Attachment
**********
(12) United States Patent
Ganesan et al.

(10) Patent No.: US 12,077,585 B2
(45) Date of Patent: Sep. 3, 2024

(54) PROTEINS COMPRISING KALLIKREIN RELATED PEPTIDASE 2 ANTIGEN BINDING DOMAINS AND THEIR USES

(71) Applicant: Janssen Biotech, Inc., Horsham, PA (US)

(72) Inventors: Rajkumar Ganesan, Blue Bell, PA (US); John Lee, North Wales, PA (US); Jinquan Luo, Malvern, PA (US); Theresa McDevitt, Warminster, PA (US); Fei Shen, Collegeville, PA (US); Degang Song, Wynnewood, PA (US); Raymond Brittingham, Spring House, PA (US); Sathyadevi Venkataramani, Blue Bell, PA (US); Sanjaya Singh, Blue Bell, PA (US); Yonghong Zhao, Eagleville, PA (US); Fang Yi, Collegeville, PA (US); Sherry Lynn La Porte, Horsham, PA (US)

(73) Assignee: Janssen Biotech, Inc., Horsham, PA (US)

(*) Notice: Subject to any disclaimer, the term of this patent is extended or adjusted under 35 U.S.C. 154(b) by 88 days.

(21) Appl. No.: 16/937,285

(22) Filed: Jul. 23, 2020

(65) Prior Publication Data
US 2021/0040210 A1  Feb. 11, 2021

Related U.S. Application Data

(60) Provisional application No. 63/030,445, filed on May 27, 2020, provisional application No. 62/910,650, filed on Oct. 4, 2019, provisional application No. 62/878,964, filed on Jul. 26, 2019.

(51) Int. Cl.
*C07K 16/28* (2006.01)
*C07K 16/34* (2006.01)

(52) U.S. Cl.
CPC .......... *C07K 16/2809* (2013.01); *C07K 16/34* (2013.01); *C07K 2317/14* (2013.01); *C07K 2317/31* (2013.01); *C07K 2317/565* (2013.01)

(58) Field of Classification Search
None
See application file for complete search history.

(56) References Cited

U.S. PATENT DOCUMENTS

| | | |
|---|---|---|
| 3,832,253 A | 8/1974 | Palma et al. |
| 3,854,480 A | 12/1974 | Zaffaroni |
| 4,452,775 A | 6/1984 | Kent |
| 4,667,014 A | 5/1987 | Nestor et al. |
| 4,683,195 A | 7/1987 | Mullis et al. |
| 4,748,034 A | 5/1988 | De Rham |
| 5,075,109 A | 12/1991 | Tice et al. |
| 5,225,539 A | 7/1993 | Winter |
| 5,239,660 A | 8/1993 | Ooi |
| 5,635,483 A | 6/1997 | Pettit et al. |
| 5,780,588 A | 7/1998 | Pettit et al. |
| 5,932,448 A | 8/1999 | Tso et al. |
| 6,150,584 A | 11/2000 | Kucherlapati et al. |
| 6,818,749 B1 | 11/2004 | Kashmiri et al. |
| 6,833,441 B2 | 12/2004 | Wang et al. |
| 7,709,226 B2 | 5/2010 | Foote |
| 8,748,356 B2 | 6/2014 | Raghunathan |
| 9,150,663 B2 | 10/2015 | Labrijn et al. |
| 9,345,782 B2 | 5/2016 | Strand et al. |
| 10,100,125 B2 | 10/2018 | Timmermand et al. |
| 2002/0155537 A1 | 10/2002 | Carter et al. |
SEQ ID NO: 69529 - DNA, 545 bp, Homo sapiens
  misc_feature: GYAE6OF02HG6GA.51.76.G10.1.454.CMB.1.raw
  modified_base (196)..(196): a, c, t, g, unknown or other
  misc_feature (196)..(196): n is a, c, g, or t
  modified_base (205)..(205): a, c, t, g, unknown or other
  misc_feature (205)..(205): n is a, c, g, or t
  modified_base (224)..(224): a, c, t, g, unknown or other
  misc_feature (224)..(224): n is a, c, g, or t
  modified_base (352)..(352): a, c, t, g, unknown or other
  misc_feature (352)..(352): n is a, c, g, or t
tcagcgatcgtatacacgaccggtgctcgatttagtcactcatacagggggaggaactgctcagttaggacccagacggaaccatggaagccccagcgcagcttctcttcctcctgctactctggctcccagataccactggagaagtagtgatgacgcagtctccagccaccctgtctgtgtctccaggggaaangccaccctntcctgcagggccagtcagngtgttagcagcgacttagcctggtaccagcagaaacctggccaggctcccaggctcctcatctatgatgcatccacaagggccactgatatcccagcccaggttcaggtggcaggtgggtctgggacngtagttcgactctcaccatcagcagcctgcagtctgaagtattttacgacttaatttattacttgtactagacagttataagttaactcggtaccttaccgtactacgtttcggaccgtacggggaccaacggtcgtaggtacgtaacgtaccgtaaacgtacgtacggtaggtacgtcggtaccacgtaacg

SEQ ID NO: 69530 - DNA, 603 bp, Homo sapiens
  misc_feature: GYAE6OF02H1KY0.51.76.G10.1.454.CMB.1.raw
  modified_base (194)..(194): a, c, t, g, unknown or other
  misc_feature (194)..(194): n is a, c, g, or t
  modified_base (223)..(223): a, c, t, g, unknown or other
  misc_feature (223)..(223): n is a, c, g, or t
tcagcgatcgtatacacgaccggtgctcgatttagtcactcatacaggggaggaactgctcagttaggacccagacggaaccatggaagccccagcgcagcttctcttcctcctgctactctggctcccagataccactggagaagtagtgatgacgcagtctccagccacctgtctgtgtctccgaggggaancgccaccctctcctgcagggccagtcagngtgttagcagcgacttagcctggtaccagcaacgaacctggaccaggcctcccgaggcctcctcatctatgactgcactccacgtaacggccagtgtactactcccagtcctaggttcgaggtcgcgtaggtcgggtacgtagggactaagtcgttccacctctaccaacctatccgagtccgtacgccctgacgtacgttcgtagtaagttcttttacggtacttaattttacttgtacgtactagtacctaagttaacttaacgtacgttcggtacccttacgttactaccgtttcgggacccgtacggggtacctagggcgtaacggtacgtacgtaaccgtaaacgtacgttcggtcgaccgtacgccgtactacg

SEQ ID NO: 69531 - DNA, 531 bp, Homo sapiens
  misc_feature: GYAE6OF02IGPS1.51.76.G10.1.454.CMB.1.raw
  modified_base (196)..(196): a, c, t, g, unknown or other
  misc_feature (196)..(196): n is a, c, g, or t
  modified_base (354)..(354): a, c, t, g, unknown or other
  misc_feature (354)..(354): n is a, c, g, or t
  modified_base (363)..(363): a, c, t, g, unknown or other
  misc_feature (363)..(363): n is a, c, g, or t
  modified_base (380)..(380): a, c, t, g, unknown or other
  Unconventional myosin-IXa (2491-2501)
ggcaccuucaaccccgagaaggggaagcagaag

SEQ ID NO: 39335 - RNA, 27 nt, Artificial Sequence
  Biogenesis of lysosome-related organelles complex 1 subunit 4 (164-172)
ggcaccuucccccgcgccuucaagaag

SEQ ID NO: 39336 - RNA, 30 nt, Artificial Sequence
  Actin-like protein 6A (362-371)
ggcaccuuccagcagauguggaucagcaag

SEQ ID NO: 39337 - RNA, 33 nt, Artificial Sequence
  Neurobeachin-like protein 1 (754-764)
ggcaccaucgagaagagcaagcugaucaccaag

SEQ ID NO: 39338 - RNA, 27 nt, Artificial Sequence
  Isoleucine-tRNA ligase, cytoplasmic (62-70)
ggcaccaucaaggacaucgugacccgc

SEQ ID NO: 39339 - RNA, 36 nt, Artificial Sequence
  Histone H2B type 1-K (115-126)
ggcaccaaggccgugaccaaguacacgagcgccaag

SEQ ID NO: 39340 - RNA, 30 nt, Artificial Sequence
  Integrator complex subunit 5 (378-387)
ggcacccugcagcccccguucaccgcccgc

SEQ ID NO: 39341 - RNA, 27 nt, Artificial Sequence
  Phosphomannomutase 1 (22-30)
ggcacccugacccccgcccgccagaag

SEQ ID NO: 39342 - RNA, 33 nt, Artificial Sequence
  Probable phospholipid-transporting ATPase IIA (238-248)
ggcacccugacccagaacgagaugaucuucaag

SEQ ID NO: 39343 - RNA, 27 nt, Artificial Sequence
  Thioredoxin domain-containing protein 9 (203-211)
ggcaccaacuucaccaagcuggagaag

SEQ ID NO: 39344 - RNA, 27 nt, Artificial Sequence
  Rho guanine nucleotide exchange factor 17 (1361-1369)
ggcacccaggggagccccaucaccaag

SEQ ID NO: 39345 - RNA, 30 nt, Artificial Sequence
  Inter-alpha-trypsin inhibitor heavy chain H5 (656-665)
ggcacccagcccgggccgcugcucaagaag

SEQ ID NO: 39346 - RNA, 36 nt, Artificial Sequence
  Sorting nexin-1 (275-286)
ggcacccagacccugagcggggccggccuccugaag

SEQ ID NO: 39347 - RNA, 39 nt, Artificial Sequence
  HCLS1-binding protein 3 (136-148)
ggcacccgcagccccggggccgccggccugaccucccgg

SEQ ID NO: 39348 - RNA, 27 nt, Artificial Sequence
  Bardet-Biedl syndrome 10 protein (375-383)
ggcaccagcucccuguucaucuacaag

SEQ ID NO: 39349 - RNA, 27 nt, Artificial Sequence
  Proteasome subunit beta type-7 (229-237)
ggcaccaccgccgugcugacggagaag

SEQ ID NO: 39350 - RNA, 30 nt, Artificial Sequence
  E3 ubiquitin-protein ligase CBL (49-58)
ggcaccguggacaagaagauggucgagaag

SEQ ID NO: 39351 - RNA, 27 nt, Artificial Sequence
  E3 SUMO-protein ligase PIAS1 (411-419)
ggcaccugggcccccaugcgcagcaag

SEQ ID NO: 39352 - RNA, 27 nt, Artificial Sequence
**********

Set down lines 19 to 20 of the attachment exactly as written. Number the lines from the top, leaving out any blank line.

(52) U.S. Cl.
CPC .......... *C07K 16/2809* (2013.01); *C07K 16/34* (2013.01); *C07K 2317/14* (2013.01); *C07K 2317/31* (2013.01); *C07K 2317/565* (2013.01)